A handful of technological quandaries are keeping our small, yet powerful gadgets from becoming even smaller and powerful; one of those issues -- as any iPad or Asus Transformer Prime owner can tell you -- is heat dissipation. The copper technology found in most modern day doo-dads just ain't cutting it anymore. Fortunately, an NC State researcher has devised a new way to cool down hot electronics 25 percent faster than existing technology -- and at a lower price, to boot.
PC gaming lovers will understand the basics of the new cooling tech: it's basically a glorified heatsink. The heat spreader developed by materials science engineer Dr. Jag Kasichainula is made from a copper-graphene composite and attaches to <insert electronic device here> using an indium-graphene film. The combined forces of the heat spreader and film have a thermal conductivity that's 25 percent more efficient than copper alone, and thanks to the relative lack of that oh-so-expensive copper, creating the graphene-saturated tech costs less than traditional copper-based cooling methods.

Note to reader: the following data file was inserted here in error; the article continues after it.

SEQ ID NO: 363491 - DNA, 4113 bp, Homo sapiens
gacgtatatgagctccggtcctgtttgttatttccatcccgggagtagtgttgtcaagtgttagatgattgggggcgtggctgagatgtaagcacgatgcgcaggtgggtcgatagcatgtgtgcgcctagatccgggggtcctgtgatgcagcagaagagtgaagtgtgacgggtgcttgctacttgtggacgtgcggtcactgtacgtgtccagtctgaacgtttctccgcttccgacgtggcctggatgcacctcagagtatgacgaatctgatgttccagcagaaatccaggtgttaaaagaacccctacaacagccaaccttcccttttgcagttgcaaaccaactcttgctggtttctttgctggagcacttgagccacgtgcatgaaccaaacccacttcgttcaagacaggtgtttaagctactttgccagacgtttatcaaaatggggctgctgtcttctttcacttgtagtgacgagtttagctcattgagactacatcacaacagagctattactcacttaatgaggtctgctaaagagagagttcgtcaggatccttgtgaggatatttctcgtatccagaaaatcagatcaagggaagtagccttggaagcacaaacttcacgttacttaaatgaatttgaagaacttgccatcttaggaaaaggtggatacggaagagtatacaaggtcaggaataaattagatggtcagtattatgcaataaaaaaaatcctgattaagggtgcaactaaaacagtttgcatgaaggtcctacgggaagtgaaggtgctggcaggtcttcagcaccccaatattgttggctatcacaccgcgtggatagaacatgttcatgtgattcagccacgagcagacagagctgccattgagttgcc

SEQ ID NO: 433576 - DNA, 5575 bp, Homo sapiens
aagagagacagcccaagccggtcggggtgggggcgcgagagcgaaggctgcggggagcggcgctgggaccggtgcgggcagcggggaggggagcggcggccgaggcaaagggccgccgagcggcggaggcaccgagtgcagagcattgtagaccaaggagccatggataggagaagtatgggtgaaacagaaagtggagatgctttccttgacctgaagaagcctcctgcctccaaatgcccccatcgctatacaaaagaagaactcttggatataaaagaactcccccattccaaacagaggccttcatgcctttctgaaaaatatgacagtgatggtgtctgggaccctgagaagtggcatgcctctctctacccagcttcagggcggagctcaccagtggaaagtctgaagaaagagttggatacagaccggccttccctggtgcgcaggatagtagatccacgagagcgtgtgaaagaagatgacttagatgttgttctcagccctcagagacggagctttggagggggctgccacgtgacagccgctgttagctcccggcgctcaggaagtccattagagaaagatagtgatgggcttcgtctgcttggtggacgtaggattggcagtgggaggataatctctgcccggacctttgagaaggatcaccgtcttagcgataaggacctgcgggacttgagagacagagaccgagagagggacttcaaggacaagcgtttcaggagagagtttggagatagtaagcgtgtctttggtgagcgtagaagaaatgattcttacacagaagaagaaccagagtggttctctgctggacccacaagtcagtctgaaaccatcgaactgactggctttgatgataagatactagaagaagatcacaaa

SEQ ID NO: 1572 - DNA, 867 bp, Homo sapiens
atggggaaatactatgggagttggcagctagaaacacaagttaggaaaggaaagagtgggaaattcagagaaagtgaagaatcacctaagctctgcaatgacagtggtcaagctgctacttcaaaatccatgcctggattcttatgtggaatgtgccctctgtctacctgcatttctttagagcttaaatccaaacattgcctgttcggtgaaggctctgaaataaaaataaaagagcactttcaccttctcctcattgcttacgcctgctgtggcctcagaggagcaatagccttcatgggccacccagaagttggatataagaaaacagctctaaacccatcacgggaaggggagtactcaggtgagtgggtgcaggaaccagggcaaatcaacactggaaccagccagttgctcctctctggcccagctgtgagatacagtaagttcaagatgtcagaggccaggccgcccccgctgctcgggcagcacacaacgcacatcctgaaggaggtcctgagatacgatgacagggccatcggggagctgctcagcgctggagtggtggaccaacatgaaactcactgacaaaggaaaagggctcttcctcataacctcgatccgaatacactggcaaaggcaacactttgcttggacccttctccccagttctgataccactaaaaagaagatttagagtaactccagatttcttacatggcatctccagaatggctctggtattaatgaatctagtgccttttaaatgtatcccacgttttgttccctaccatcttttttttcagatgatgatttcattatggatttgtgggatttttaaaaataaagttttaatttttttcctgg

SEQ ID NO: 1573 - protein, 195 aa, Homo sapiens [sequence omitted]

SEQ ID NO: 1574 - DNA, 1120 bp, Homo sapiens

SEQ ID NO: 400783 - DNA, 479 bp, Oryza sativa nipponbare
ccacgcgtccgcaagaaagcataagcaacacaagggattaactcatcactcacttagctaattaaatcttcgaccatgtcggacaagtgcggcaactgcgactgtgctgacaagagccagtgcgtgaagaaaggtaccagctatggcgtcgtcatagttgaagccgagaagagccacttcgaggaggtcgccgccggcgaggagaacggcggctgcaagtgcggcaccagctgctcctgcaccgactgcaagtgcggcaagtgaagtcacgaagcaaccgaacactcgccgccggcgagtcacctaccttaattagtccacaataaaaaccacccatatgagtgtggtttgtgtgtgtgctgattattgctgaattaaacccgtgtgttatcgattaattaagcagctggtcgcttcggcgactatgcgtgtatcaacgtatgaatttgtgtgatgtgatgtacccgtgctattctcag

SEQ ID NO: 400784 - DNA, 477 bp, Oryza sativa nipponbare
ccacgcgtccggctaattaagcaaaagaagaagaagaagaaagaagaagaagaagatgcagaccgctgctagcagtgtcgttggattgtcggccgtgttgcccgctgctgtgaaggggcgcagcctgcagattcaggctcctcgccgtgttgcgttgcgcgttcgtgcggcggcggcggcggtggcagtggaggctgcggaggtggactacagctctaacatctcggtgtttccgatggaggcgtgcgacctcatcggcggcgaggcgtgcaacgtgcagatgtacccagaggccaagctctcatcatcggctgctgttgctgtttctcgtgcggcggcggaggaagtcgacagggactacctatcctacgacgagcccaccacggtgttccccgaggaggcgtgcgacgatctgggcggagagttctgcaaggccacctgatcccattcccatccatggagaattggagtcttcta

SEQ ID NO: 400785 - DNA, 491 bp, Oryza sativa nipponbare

It's fairly slim, too, with just 200 micrometers worth of material needed. Some quick Google Fu shows that to be 0.2 millimeters thick.